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Community: Series Premiere

Before you can say "The Breakfast Club," Community begins challenging stereotypes while also arguing that community college is one of the great equalizers.


Community

Airtime: Thursdays, 9:30pm ET
Cast: Joel McHale, Chevy Chase, Danny Pudi, Gillian Jacobs, Yvette Nicole Brown, John Oliver
Subtitle: Series Premiere
Network: NBC
Air date: 2009-09-17
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The funny thing about being smart is that you can get through most of life without having to do any work.

-- Jeff Winger (Joel McHale)

Community gets the obvious jokes out of the way early. Tracking out from a shot of an idyllic college campus full of busy-seeming students, the scene soon reveals that the bells tolling in the background are coming not from a ivy-covered tower off in the distance, but from a dodgy boom box operated by an incompetent dean fumbling his way through a Welcome Week speech.

And so, within the first minutes of NBC's new comedy, we are reminded that community college can be a rinky-dink affair, populated by high school dropouts, middle-aged divorcees, and one Jeff Winger (Joel McHale), a fast-talking lawyer prohibited from practicing until he actually earns the college degree he faked so many years ago. Rather than do any actual work, he's enrolled himself at Greendale, what he calls a "school-shaped toilet," where he means to skate by on his charm and cunning. After all, it's only community college.

Jeff's master plan involves a psychology professor, Dr. Duncan (The Daily Show's John Oliver), whom he once cleared of a DUI charge by claiming his drunken U-turn on the freeway was actually an act of post-9/11 patriotism ("2002 was a simpler time," he recalls wistfully). To pass his classes, Jeff must convince Duncan to give him the answers to every test in every course he'll take that semester. To keep himself from being bored, he must convince Britta (Gillian Jacobs), the girl in his Spanish class who looks like Elizabeth Shue, that he's not a complete "shallow douche-bag," which is her seemingly spot-on summation after dealing with him for just one afternoon.

For Jeff, any evaluation other than "shallow douche-bag" is going to be a tough sell, considering that if Jeff is talking, Jeff is lying. Confident and charismatic, he proclaims, "Either I am God, or truth is relative. Either way, boo-yah!" Luckily, the insanely likeable McHale grants Jeff a Bill Clinton-esque charm: you know he's smug and dishonest, but you like him, so you just don't care.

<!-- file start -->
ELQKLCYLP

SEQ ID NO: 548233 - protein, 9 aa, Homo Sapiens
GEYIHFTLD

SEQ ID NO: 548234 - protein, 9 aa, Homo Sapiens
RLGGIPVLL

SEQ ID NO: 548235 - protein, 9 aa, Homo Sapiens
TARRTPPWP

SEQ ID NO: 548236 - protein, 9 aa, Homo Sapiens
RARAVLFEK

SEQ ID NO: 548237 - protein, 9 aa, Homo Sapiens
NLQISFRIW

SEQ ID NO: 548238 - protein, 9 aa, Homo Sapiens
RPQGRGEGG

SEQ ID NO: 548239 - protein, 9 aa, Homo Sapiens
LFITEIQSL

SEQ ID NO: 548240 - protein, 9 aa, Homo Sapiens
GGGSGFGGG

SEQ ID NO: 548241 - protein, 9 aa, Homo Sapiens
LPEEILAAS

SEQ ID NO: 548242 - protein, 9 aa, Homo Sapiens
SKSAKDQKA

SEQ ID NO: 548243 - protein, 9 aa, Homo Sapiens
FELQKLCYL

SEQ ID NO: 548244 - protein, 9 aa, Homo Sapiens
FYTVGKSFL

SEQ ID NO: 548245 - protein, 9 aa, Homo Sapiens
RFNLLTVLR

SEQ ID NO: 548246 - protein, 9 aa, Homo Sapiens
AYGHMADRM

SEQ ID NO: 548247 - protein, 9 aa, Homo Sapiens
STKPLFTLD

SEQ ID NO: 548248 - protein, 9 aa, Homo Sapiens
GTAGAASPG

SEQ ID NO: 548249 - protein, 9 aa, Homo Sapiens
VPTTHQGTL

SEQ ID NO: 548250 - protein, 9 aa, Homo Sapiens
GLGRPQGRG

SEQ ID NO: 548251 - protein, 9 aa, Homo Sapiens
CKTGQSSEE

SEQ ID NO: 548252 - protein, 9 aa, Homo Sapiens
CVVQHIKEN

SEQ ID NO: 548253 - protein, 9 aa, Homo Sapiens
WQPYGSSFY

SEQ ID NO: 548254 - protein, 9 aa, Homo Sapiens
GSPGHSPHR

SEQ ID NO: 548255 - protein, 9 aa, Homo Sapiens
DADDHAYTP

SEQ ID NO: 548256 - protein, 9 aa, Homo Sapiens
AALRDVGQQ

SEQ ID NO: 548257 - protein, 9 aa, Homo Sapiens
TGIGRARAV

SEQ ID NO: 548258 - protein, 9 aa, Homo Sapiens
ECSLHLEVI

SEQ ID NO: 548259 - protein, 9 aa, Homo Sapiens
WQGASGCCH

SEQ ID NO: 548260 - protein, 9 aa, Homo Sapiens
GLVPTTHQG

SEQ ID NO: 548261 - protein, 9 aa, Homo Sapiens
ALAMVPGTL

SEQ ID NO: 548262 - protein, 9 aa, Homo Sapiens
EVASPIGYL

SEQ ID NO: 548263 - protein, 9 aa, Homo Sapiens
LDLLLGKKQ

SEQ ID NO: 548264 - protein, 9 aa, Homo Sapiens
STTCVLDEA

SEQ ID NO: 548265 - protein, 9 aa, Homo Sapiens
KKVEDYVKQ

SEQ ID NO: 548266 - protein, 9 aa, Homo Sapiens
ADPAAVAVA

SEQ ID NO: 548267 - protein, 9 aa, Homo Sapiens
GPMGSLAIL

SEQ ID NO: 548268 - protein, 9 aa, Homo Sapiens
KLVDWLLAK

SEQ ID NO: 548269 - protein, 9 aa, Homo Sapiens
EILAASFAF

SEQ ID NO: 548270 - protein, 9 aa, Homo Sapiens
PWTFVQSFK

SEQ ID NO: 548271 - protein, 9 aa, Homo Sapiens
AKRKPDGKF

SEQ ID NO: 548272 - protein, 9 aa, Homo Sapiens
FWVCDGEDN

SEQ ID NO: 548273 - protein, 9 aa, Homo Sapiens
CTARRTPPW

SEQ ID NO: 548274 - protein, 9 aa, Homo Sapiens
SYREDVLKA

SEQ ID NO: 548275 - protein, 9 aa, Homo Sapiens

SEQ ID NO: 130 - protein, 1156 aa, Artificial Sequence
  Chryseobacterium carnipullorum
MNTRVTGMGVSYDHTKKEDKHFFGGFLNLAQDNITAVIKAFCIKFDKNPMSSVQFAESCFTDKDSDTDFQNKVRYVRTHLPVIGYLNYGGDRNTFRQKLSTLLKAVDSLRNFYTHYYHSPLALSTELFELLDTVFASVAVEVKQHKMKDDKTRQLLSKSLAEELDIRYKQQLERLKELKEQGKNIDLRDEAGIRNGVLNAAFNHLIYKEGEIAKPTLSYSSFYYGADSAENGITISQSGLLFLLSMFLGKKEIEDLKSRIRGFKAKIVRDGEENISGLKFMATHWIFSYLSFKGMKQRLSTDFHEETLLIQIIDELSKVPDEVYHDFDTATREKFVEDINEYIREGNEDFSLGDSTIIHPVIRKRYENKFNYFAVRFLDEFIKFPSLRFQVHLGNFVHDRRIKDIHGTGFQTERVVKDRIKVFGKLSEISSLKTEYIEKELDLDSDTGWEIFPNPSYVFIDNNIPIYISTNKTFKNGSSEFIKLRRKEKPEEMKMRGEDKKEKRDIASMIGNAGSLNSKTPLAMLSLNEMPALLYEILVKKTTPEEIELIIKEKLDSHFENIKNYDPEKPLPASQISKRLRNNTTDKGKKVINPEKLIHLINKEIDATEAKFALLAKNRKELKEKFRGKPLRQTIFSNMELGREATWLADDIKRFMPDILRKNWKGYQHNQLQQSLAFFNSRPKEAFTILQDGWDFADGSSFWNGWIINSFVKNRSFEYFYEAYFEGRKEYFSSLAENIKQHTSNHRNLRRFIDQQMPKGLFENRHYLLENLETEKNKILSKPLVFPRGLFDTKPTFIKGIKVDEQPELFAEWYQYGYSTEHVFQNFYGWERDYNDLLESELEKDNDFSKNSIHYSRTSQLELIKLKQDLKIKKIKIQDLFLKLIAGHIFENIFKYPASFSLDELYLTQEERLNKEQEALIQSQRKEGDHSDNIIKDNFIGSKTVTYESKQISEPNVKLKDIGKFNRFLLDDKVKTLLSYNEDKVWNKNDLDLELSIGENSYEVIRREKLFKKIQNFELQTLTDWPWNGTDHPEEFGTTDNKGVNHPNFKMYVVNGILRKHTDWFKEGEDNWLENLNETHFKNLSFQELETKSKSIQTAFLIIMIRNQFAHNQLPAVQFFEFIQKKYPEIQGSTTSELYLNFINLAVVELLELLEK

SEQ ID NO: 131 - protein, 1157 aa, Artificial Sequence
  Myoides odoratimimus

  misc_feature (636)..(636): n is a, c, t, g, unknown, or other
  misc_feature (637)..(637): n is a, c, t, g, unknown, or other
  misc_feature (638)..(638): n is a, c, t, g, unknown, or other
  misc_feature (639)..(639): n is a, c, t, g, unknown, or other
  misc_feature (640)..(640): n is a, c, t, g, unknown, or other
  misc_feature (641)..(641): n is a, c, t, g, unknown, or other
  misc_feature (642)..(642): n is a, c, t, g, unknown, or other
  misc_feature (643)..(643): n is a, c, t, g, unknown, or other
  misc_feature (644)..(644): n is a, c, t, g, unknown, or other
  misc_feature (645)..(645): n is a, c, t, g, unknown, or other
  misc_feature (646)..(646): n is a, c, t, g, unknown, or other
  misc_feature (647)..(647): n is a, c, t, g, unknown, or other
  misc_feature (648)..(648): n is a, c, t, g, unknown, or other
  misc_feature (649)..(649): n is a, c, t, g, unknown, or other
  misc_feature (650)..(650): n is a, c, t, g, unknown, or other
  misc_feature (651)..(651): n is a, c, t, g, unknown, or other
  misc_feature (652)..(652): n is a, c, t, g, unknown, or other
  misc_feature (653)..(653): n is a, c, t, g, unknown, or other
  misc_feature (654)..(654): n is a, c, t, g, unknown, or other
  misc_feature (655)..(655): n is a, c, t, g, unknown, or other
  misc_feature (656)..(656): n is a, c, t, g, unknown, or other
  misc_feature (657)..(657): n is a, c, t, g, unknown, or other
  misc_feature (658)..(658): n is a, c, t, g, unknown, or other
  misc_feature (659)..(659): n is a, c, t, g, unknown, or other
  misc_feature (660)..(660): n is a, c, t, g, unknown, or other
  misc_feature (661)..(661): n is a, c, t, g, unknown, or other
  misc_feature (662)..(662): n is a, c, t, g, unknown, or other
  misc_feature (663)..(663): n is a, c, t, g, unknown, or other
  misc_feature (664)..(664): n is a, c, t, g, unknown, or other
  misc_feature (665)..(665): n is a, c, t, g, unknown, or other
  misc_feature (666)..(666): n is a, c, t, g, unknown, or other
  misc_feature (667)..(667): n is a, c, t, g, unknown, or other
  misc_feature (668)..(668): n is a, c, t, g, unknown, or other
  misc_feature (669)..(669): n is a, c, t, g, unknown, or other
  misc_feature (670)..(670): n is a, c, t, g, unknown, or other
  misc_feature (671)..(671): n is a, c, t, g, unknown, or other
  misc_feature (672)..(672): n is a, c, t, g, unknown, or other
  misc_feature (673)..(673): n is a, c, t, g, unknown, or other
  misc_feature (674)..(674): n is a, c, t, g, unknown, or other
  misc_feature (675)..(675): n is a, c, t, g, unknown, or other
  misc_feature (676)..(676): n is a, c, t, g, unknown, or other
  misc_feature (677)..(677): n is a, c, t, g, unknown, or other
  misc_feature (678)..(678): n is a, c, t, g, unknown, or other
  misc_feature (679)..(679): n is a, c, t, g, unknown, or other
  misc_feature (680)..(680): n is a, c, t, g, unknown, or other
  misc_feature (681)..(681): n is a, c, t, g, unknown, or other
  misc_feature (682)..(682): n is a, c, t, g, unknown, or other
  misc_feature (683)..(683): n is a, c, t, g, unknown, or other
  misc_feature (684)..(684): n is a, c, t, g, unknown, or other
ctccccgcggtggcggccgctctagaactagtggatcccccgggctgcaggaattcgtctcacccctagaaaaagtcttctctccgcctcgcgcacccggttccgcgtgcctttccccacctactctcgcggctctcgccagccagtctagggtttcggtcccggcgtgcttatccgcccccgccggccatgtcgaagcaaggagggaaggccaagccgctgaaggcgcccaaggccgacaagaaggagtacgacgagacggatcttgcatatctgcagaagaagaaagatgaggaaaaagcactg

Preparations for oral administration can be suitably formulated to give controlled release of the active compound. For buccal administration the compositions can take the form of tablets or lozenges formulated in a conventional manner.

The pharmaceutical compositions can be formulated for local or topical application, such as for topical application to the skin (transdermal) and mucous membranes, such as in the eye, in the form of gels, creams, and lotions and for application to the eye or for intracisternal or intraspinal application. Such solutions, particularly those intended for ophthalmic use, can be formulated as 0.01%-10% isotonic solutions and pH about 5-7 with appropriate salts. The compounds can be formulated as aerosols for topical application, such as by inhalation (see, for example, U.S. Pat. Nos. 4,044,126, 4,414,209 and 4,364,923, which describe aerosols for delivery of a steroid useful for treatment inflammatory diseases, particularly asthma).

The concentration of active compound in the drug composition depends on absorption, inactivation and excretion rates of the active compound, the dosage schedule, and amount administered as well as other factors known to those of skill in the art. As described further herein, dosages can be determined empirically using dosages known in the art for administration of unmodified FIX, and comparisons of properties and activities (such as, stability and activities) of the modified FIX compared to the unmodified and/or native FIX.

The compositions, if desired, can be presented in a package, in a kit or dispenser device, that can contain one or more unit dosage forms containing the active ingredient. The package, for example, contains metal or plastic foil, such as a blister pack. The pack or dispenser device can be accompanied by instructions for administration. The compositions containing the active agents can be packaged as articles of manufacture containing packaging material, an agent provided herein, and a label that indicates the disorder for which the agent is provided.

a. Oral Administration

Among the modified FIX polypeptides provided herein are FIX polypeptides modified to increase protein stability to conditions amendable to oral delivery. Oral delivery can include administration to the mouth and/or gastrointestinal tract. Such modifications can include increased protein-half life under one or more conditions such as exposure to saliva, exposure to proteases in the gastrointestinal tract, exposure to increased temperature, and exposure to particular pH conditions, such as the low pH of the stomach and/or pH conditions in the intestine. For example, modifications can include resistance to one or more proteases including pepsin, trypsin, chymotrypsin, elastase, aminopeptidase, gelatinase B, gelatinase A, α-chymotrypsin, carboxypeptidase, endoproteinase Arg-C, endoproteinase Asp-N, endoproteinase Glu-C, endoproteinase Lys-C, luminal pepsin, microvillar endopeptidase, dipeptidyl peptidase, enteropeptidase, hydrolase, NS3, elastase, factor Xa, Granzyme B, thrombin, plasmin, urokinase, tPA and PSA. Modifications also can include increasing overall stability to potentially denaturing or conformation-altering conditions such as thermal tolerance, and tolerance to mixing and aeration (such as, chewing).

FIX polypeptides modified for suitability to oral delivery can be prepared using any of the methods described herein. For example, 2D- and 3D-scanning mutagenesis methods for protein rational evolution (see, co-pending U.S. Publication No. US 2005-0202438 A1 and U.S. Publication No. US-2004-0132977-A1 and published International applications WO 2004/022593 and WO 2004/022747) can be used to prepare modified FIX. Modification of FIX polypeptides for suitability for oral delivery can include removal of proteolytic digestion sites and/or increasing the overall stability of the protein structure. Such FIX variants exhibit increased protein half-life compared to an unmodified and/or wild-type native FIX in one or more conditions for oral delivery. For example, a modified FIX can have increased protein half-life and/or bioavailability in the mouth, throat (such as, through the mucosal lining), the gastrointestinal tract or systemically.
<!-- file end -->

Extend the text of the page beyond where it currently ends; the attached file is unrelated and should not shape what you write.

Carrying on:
But of course Britta cares, and she doesn't like him at all. Seeking more time to woo her, Jeff organizes a Spanish class study group, which becomes the series' central literal and symbolic community, one that embodies all the clichés imaginable for its middling students: the good, the bad, and the ethnic. But before you can say "The Breakfast Club," Community begins challenging those stereotypes, while also arguing that community college is a great equalizer, leveling differences of race, class, and nationality. Consider Abed (Danny Pudi) a Palestinian-American pop culture geek with Asperger Syndrome, who functions as the group's moral compass and voice of reason. How refreshing to hear for once that Arab-American voice be laugh-out-loud funny without resorting to an exaggerated accent.

As utopian and smart as Community aims to be, there's one cliché its not willing to forgo: tall and white, Jeff maintains the authority over their group, even after he's outed as a liar and a creep. Given the heft of the show's themes and the crispness of the writing (thanks to more than one Arrested Development alum on board), it's got to be a brilliant social commentary disguised as a major network sitcom, right? Or maybe Joel McHale really is that likable and we're all wallowing in nostalgia for a simpler 2002. Either way, boo-yah.

8